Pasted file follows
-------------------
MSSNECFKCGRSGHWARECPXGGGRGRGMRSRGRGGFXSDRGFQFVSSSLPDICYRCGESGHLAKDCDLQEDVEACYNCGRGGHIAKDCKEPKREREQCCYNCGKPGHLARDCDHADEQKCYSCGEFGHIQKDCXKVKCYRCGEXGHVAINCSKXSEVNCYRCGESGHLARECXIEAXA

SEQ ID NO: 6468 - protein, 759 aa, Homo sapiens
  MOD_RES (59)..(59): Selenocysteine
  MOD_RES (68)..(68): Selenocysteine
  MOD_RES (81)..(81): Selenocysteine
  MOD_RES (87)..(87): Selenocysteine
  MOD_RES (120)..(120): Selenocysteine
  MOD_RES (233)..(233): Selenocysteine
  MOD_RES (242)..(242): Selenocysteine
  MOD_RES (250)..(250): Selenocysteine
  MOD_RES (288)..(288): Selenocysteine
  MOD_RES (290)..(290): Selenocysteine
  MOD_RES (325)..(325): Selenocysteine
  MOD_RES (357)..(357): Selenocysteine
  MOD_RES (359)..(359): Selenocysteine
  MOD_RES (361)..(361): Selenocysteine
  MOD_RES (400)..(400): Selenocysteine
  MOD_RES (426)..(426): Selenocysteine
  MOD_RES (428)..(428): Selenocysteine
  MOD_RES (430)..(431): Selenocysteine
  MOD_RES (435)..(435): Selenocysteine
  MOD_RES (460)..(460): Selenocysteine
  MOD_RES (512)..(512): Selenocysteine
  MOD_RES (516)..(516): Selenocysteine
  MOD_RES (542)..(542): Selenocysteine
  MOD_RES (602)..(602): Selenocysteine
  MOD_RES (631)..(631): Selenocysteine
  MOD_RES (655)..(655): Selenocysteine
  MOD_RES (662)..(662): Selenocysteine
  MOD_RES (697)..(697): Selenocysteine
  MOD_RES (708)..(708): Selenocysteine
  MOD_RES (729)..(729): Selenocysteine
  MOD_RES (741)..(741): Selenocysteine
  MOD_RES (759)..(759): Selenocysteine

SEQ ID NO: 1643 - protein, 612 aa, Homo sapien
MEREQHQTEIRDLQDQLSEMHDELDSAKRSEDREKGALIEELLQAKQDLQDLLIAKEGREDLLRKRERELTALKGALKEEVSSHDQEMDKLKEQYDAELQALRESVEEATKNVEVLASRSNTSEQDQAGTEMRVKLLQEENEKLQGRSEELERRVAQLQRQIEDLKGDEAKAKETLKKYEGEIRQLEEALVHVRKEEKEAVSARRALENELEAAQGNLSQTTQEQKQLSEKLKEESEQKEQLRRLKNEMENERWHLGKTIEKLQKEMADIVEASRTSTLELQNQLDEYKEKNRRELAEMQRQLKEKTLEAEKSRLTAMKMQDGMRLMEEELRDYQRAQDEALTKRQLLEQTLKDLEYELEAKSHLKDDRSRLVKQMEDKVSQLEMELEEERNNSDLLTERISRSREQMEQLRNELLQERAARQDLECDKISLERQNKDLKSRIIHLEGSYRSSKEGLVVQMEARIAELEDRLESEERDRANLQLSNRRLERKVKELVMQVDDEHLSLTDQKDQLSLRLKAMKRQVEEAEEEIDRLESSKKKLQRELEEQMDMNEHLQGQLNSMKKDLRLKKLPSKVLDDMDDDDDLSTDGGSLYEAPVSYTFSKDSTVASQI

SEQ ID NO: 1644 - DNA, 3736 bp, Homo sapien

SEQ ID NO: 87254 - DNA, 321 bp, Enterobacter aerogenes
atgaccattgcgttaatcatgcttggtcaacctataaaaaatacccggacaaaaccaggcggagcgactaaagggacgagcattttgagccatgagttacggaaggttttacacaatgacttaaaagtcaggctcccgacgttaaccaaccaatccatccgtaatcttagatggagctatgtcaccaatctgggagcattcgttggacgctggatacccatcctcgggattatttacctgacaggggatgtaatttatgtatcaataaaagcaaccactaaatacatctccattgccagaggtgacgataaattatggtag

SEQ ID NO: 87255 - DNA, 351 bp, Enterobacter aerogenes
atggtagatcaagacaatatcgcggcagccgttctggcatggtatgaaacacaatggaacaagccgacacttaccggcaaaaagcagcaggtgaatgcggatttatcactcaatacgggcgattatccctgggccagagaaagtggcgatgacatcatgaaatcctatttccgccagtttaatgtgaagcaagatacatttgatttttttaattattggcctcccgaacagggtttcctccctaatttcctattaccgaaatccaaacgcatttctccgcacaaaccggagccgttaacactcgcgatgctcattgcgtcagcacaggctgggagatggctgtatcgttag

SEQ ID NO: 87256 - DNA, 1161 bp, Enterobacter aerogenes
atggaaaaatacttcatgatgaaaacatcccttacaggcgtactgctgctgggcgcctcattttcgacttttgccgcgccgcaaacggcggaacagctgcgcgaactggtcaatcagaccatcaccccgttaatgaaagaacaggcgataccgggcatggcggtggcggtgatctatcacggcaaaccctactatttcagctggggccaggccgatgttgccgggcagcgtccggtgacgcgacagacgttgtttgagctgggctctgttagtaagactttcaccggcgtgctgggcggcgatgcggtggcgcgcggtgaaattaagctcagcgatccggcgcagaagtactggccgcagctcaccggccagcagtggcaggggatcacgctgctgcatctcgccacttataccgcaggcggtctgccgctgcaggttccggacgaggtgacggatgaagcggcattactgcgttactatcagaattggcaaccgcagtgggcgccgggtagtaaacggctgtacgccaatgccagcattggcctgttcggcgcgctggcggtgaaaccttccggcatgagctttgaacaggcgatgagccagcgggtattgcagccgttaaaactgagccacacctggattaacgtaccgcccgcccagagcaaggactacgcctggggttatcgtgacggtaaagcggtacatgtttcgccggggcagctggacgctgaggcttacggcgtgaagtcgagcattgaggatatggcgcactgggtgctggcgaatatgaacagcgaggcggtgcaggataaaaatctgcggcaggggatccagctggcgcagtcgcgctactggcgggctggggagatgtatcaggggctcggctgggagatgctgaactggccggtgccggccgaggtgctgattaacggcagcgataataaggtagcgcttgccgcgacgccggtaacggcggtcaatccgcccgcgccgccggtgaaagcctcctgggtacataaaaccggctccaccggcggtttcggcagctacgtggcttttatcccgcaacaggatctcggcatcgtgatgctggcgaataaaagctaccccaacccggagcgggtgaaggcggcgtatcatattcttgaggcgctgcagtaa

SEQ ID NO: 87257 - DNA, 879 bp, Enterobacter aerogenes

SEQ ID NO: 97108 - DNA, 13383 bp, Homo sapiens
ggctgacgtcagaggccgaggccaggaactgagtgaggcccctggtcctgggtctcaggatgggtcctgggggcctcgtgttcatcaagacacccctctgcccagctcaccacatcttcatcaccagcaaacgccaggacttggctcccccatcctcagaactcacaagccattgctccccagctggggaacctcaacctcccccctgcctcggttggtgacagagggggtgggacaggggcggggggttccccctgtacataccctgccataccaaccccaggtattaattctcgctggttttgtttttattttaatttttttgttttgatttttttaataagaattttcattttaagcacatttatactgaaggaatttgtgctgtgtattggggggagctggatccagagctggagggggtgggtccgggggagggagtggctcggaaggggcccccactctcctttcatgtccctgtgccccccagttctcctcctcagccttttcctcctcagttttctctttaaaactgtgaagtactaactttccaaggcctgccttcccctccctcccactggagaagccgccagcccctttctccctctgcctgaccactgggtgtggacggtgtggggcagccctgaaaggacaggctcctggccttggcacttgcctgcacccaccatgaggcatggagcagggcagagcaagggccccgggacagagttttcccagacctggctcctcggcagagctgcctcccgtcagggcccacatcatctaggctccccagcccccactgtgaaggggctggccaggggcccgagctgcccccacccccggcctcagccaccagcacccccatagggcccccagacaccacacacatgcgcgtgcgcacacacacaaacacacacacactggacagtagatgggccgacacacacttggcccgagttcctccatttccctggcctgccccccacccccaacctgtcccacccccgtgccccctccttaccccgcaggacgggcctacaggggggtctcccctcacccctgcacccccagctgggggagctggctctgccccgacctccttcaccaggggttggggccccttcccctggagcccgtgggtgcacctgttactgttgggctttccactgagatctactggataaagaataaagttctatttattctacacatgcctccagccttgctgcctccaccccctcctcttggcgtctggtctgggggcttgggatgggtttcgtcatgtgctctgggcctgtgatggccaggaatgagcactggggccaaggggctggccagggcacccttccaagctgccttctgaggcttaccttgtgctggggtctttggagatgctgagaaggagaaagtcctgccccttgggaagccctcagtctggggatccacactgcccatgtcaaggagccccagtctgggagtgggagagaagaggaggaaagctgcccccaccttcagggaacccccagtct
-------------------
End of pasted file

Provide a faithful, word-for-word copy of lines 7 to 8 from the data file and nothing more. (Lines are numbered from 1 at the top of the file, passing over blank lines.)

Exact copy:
  MOD_RES (120)..(120): Selenocysteine
  MOD_RES (233)..(233): Selenocysteine